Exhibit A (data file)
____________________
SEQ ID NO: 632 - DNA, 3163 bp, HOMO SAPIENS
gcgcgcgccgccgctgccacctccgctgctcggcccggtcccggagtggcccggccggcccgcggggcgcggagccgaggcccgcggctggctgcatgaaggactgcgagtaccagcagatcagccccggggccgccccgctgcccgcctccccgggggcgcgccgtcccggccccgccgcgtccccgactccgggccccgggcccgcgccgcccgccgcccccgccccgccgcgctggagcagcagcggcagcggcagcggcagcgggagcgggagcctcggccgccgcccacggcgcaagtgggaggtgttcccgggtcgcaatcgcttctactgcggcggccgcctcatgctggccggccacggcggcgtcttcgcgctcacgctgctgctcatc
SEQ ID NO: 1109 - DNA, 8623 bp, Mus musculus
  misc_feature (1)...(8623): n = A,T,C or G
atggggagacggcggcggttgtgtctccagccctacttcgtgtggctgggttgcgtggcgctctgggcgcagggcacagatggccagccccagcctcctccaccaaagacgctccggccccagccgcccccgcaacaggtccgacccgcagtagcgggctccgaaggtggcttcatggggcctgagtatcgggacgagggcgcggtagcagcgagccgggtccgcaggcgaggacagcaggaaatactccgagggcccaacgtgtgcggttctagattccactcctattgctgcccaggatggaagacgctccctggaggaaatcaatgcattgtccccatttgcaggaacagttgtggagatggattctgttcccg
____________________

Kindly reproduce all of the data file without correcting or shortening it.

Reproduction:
SEQ ID NO: 632 - DNA, 3163 bp, HOMO SAPIENS
gcgcgcgccgccgctgccacctccgctgctcggcccggtcccggagtggcccggccggcccgcggggcgcggagccgaggcccgcggctggctgcatgaaggactgcgagtaccagcagatcagccccggggccgccccgctgcccgcctccccgggggcgcgccgtcccggccccgccgcgtccccgactccgggccccgggcccgcgccgcccgccgcccccgccccgccgcgctggagcagcagcggcagcggcagcggcagcgggagcgggagcctcggccgccgcccacggcgcaagtgggaggtgttcccgggtcgcaatcgcttctactgcggcggccgcctcatgctggccggccacggcggcgtcttcgcgctcacgctgctgctcatc
SEQ ID NO: 1109 - DNA, 8623 bp, Mus musculus
  misc_feature (1)...(8623): n = A,T,C or G
atggggagacggcggcggttgtgtctccagccctacttcgtgtggctgggttgcgtggcgctctgggcgcagggcacagatggccagccccagcctcctccaccaaagacgctccggccccagccgcccccgcaacaggtccgacccgcagtagcgggctccgaaggtggcttcatggggcctgagtatcgggacgagggcgcggtagcagcgagccgggtccgcaggcgaggacagcaggaaatactccgagggcccaacgtgtgcggttctagattccactcctattgctgcccaggatggaagacgctccctggaggaaatcaatgcattgtccccatttgcaggaacagttgtggagatggattctgttcccg